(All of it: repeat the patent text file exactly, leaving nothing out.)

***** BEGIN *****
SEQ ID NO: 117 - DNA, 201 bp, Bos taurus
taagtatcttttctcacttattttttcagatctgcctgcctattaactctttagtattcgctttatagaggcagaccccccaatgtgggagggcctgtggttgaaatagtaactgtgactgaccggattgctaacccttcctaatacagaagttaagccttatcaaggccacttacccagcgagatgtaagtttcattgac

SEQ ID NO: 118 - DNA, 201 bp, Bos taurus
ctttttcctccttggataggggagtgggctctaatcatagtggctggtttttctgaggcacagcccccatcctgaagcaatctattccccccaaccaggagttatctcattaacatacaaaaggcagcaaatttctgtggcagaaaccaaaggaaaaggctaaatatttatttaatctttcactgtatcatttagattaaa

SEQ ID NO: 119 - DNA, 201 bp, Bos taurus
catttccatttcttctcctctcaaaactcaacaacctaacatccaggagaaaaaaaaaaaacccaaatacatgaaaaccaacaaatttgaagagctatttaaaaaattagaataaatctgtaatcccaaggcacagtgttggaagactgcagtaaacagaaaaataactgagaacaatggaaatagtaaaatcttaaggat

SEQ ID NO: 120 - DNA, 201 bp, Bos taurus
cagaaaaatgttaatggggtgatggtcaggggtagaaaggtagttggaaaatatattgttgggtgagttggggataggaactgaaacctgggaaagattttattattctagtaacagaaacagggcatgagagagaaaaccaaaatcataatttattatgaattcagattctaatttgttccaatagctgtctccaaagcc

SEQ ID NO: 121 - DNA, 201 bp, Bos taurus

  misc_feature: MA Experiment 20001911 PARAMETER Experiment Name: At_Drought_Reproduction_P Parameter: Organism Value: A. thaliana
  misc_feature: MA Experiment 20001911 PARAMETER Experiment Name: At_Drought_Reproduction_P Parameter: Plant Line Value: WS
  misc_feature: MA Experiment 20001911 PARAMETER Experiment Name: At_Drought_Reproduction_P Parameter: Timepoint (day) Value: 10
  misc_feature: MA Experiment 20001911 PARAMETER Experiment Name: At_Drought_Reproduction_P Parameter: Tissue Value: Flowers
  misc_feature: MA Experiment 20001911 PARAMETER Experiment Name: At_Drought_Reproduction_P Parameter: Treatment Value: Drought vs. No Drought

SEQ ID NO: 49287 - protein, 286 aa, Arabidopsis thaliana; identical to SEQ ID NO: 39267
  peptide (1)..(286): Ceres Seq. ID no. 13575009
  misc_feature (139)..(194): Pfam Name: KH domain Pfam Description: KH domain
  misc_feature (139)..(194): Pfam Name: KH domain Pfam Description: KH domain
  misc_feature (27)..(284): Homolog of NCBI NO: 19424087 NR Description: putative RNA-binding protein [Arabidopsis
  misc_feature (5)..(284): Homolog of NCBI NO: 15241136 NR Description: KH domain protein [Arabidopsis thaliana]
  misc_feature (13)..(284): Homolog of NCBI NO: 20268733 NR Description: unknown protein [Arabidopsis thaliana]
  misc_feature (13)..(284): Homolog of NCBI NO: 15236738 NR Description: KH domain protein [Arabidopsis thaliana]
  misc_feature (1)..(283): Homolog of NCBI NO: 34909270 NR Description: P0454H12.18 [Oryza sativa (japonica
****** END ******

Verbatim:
SEQ ID NO: 117 - DNA, 201 bp, Bos taurus
taagtatcttttctcacttattttttcagatctgcctgcctattaactctttagtattcgctttatagaggcagaccccccaatgtgggagggcctgtggttgaaatagtaactgtgactgaccggattgctaacccttcctaatacagaagttaagccttatcaaggccacttacccagcgagatgtaagtttcattgac

SEQ ID NO: 118 - DNA, 201 bp, Bos taurus
ctttttcctccttggataggggagtgggctctaatcatagtggctggtttttctgaggcacagcccccatcctgaagcaatctattccccccaaccaggagttatctcattaacatacaaaaggcagcaaatttctgtggcagaaaccaaaggaaaaggctaaatatttatttaatctttcactgtatcatttagattaaa

SEQ ID NO: 119 - DNA, 201 bp, Bos taurus
catttccatttcttctcctctcaaaactcaacaacctaacatccaggagaaaaaaaaaaaacccaaatacatgaaaaccaacaaatttgaagagctatttaaaaaattagaataaatctgtaatcccaaggcacagtgttggaagactgcagtaaacagaaaaataactgagaacaatggaaatagtaaaatcttaaggat

SEQ ID NO: 120 - DNA, 201 bp, Bos taurus
cagaaaaatgttaatggggtgatggtcaggggtagaaaggtagttggaaaatatattgttgggtgagttggggataggaactgaaacctgggaaagattttattattctagtaacagaaacagggcatgagagagaaaaccaaaatcataatttattatgaattcagattctaatttgttccaatagctgtctccaaagcc

SEQ ID NO: 121 - DNA, 201 bp, Bos taurus

  misc_feature: MA Experiment 20001911 PARAMETER Experiment Name: At_Drought_Reproduction_P Parameter: Organism Value: A. thaliana
  misc_feature: MA Experiment 20001911 PARAMETER Experiment Name: At_Drought_Reproduction_P Parameter: Plant Line Value: WS
  misc_feature: MA Experiment 20001911 PARAMETER Experiment Name: At_Drought_Reproduction_P Parameter: Timepoint (day) Value: 10
  misc_feature: MA Experiment 20001911 PARAMETER Experiment Name: At_Drought_Reproduction_P Parameter: Tissue Value: Flowers
  misc_feature: MA Experiment 20001911 PARAMETER Experiment Name: At_Drought_Reproduction_P Parameter: Treatment Value: Drought vs. No Drought

SEQ ID NO: 49287 - protein, 286 aa, Arabidopsis thaliana; identical to SEQ ID NO: 39267
  peptide (1)..(286): Ceres Seq. ID no. 13575009
  misc_feature (139)..(194): Pfam Name: KH domain Pfam Description: KH domain
  misc_feature (139)..(194): Pfam Name: KH domain Pfam Description: KH domain
  misc_feature (27)..(284): Homolog of NCBI NO: 19424087 NR Description: putative RNA-binding protein [Arabidopsis
  misc_feature (5)..(284): Homolog of NCBI NO: 15241136 NR Description: KH domain protein [Arabidopsis thaliana]
  misc_feature (13)..(284): Homolog of NCBI NO: 20268733 NR Description: unknown protein [Arabidopsis thaliana]
  misc_feature (13)..(284): Homolog of NCBI NO: 15236738 NR Description: KH domain protein [Arabidopsis thaliana]
  misc_feature (1)..(283): Homolog of NCBI NO: 34909270 NR Description: P0454H12.18 [Oryza sativa (japonica